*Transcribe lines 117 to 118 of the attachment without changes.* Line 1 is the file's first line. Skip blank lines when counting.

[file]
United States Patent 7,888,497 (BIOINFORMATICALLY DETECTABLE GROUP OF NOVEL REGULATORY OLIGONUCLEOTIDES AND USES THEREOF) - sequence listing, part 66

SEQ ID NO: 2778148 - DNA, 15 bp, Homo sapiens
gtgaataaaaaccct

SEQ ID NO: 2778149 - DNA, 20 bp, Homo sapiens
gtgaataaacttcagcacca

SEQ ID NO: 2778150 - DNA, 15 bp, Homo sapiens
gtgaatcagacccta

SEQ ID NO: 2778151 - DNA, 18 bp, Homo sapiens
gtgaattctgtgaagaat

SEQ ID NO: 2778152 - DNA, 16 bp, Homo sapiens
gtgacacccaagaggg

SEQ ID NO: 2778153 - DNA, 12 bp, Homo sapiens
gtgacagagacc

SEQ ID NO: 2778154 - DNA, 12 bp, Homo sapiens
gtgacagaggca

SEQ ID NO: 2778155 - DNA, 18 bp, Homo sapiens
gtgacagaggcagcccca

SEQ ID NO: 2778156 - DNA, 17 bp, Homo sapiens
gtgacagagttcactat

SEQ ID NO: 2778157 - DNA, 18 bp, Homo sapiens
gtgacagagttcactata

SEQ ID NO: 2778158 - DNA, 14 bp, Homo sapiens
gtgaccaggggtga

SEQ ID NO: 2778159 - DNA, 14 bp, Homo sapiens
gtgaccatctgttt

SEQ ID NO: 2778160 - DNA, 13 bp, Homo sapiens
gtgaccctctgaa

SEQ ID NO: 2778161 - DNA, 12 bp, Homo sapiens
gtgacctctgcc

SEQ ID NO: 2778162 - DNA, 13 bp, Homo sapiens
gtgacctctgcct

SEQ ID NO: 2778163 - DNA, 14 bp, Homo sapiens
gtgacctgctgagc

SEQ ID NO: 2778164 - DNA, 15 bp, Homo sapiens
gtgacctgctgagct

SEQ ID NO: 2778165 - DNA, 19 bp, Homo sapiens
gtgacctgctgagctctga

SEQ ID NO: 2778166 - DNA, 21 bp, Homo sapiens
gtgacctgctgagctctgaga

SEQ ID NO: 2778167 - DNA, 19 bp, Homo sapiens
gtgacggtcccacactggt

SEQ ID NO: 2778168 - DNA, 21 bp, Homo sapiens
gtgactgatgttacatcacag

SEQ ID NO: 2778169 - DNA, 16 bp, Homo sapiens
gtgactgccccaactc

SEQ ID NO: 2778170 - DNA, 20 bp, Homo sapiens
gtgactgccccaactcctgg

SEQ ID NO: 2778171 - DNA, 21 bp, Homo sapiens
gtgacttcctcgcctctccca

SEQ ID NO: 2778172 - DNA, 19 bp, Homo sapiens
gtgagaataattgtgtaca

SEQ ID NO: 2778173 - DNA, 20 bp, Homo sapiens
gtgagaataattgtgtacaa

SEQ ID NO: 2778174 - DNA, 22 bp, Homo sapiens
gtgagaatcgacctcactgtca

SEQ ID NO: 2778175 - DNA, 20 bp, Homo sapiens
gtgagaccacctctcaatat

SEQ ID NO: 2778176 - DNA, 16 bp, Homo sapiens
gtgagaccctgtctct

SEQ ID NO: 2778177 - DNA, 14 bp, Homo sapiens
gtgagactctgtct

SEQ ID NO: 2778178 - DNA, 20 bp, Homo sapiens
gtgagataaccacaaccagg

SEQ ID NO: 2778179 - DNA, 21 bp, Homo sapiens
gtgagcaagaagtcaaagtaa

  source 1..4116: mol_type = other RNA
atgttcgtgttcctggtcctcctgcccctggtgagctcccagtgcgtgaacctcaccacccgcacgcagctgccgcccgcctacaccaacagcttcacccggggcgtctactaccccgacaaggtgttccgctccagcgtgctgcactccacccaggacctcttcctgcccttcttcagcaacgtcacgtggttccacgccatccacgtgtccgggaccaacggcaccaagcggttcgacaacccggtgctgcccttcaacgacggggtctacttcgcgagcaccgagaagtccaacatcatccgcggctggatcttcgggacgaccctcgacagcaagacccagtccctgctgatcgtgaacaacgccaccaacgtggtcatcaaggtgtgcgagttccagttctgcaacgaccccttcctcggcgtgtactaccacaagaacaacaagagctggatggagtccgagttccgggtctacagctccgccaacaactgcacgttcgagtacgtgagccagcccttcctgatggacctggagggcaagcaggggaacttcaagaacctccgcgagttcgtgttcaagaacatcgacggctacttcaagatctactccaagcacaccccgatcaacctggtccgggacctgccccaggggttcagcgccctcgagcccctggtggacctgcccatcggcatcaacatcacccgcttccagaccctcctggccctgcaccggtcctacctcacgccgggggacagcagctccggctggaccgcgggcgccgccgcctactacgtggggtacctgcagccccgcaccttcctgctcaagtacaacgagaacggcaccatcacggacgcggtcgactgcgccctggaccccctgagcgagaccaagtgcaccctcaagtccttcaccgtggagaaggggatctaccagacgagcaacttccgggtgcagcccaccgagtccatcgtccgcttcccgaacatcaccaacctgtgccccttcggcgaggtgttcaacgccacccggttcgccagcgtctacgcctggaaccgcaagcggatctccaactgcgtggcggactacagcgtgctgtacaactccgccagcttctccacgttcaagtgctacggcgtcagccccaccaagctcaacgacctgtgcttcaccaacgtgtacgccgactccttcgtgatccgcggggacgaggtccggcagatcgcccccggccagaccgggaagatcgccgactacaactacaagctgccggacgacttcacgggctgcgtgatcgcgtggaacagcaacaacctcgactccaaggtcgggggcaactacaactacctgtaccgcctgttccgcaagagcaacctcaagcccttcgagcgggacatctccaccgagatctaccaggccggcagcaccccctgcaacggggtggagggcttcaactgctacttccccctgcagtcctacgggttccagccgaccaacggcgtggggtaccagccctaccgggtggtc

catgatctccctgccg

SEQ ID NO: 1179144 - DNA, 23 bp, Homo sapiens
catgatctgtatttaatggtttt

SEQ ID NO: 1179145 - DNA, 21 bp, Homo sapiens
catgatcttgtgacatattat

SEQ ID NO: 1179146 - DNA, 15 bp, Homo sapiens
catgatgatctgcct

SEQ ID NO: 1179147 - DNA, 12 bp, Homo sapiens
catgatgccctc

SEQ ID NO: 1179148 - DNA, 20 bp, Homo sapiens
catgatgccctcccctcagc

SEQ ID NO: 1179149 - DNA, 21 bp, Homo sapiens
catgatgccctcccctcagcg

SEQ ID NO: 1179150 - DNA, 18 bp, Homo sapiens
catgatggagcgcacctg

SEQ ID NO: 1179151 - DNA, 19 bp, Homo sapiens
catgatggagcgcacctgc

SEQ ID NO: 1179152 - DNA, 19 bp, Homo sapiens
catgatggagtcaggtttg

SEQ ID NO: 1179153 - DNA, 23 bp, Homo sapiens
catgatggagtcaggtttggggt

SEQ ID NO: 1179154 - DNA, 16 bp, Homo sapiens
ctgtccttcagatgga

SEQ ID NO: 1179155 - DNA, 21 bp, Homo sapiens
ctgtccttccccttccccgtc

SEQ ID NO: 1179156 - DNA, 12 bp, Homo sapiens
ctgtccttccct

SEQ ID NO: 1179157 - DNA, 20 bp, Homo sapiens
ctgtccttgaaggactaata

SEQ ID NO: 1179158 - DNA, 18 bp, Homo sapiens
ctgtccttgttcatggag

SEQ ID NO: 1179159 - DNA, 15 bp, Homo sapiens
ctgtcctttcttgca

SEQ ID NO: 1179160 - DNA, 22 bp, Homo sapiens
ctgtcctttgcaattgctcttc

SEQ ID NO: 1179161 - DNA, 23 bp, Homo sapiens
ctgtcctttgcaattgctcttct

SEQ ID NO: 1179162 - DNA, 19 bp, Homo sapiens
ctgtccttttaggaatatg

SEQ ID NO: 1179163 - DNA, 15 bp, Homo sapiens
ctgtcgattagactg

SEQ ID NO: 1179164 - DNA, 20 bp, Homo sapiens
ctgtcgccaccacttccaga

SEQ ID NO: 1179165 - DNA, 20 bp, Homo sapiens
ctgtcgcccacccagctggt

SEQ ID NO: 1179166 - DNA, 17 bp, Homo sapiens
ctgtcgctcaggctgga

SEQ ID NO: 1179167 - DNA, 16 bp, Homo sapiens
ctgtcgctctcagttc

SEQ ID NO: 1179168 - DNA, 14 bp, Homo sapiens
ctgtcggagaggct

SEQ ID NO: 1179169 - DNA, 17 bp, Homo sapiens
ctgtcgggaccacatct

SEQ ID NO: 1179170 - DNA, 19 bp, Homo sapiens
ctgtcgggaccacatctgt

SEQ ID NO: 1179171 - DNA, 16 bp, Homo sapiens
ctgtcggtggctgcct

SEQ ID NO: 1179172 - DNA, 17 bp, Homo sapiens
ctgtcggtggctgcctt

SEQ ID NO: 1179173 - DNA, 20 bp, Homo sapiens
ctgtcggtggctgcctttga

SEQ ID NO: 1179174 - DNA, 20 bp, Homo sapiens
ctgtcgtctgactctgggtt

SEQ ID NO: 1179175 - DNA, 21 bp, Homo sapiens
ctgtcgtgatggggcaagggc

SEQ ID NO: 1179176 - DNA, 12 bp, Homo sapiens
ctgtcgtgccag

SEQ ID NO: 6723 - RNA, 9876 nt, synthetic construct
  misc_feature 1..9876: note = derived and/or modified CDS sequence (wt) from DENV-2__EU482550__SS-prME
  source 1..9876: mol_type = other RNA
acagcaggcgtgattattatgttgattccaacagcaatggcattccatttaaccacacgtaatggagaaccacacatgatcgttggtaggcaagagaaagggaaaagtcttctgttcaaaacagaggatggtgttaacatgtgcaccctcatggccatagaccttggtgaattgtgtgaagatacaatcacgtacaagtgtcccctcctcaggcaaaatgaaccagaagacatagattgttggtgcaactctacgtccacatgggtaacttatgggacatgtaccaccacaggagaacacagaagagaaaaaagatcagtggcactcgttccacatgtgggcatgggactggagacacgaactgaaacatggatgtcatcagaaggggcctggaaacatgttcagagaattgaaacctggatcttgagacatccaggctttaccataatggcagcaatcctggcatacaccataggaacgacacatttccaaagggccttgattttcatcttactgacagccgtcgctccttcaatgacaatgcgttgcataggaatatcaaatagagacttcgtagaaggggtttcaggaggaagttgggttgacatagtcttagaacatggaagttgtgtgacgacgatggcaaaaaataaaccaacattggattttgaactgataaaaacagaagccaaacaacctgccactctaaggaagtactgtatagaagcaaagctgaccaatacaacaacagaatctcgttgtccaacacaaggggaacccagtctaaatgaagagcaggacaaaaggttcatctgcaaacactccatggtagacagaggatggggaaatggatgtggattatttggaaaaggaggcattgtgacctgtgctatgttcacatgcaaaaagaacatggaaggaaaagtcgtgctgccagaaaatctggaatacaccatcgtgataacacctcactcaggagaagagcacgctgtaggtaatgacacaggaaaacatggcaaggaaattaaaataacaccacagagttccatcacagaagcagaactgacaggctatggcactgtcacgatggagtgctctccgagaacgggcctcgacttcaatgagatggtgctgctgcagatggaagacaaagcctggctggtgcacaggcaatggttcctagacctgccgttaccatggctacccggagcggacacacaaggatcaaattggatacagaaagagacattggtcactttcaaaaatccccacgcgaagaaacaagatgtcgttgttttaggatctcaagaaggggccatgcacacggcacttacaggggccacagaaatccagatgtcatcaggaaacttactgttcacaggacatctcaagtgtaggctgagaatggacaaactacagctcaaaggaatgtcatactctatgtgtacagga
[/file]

SEQ ID NO: 1179168 - DNA, 14 bp, Homo sapiens
ctgtcggagaggct